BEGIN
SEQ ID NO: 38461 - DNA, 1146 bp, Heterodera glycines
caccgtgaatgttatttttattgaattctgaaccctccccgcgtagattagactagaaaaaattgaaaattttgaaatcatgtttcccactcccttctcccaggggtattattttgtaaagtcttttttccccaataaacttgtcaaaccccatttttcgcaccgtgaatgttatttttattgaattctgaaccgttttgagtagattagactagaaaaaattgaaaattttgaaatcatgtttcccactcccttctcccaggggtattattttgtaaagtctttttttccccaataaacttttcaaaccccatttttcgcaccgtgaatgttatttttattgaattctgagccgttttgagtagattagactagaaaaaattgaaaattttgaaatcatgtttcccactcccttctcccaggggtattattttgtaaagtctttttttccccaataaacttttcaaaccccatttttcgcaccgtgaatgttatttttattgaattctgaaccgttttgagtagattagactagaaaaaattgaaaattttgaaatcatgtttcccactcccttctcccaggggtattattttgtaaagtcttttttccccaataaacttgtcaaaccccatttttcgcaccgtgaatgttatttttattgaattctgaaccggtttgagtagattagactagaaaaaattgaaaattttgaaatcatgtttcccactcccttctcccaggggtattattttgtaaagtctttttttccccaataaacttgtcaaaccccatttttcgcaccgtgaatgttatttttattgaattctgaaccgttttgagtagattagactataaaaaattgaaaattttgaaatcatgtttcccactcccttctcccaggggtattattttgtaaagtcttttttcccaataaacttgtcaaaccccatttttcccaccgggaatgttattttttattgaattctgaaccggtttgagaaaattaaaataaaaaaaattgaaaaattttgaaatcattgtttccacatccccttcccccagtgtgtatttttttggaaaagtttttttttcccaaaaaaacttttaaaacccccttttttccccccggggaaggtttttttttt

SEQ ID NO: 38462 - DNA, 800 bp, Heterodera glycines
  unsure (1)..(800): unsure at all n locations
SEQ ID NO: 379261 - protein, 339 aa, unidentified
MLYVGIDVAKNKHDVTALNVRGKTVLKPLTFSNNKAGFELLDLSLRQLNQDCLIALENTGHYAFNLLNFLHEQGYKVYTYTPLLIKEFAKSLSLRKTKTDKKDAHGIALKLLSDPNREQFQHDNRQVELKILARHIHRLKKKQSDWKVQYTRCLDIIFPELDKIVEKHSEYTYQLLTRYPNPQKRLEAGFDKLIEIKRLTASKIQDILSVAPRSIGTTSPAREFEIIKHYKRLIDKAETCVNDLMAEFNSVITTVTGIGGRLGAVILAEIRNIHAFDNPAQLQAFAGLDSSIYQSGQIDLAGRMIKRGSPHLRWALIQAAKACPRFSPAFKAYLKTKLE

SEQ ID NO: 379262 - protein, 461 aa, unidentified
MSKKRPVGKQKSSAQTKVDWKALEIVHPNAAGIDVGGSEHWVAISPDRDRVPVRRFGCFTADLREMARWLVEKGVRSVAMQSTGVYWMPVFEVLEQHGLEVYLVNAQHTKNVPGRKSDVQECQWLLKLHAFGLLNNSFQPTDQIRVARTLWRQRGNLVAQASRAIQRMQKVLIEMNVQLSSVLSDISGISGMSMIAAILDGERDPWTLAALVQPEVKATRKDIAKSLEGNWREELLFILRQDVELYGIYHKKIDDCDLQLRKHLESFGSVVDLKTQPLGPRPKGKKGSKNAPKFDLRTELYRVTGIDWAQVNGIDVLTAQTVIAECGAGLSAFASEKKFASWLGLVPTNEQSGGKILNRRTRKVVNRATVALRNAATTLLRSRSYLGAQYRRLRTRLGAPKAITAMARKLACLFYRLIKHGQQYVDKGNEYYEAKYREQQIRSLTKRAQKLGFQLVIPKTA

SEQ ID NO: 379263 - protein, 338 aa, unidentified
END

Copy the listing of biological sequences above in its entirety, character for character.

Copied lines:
SEQ ID NO: 38461 - DNA, 1146 bp, Heterodera glycines
caccgtgaatgttatttttattgaattctgaaccctccccgcgtagattagactagaaaaaattgaaaattttgaaatcatgtttcccactcccttctcccaggggtattattttgtaaagtcttttttccccaataaacttgtcaaaccccatttttcgcaccgtgaatgttatttttattgaattctgaaccgttttgagtagattagactagaaaaaattgaaaattttgaaatcatgtttcccactcccttctcccaggggtattattttgtaaagtctttttttccccaataaacttttcaaaccccatttttcgcaccgtgaatgttatttttattgaattctgagccgttttgagtagattagactagaaaaaattgaaaattttgaaatcatgtttcccactcccttctcccaggggtattattttgtaaagtctttttttccccaataaacttttcaaaccccatttttcgcaccgtgaatgttatttttattgaattctgaaccgttttgagtagattagactagaaaaaattgaaaattttgaaatcatgtttcccactcccttctcccaggggtattattttgtaaagtcttttttccccaataaacttgtcaaaccccatttttcgcaccgtgaatgttatttttattgaattctgaaccggtttgagtagattagactagaaaaaattgaaaattttgaaatcatgtttcccactcccttctcccaggggtattattttgtaaagtctttttttccccaataaacttgtcaaaccccatttttcgcaccgtgaatgttatttttattgaattctgaaccgttttgagtagattagactataaaaaattgaaaattttgaaatcatgtttcccactcccttctcccaggggtattattttgtaaagtcttttttcccaataaacttgtcaaaccccatttttcccaccgggaatgttattttttattgaattctgaaccggtttgagaaaattaaaataaaaaaaattgaaaaattttgaaatcattgtttccacatccccttcccccagtgtgtatttttttggaaaagtttttttttcccaaaaaaacttttaaaacccccttttttccccccggggaaggtttttttttt

SEQ ID NO: 38462 - DNA, 800 bp, Heterodera glycines
  unsure (1)..(800): unsure at all n locations
SEQ ID NO: 379261 - protein, 339 aa, unidentified
MLYVGIDVAKNKHDVTALNVRGKTVLKPLTFSNNKAGFELLDLSLRQLNQDCLIALENTGHYAFNLLNFLHEQGYKVYTYTPLLIKEFAKSLSLRKTKTDKKDAHGIALKLLSDPNREQFQHDNRQVELKILARHIHRLKKKQSDWKVQYTRCLDIIFPELDKIVEKHSEYTYQLLTRYPNPQKRLEAGFDKLIEIKRLTASKIQDILSVAPRSIGTTSPAREFEIIKHYKRLIDKAETCVNDLMAEFNSVITTVTGIGGRLGAVILAEIRNIHAFDNPAQLQAFAGLDSSIYQSGQIDLAGRMIKRGSPHLRWALIQAAKACPRFSPAFKAYLKTKLE

SEQ ID NO: 379262 - protein, 461 aa, unidentified
MSKKRPVGKQKSSAQTKVDWKALEIVHPNAAGIDVGGSEHWVAISPDRDRVPVRRFGCFTADLREMARWLVEKGVRSVAMQSTGVYWMPVFEVLEQHGLEVYLVNAQHTKNVPGRKSDVQECQWLLKLHAFGLLNNSFQPTDQIRVARTLWRQRGNLVAQASRAIQRMQKVLIEMNVQLSSVLSDISGISGMSMIAAILDGERDPWTLAALVQPEVKATRKDIAKSLEGNWREELLFILRQDVELYGIYHKKIDDCDLQLRKHLESFGSVVDLKTQPLGPRPKGKKGSKNAPKFDLRTELYRVTGIDWAQVNGIDVLTAQTVIAECGAGLSAFASEKKFASWLGLVPTNEQSGGKILNRRTRKVVNRATVALRNAATTLLRSRSYLGAQYRRLRTRLGAPKAITAMARKLACLFYRLIKHGQQYVDKGNEYYEAKYREQQIRSLTKRAQKLGFQLVIPKTA

SEQ ID NO: 379263 - protein, 338 aa, unidentified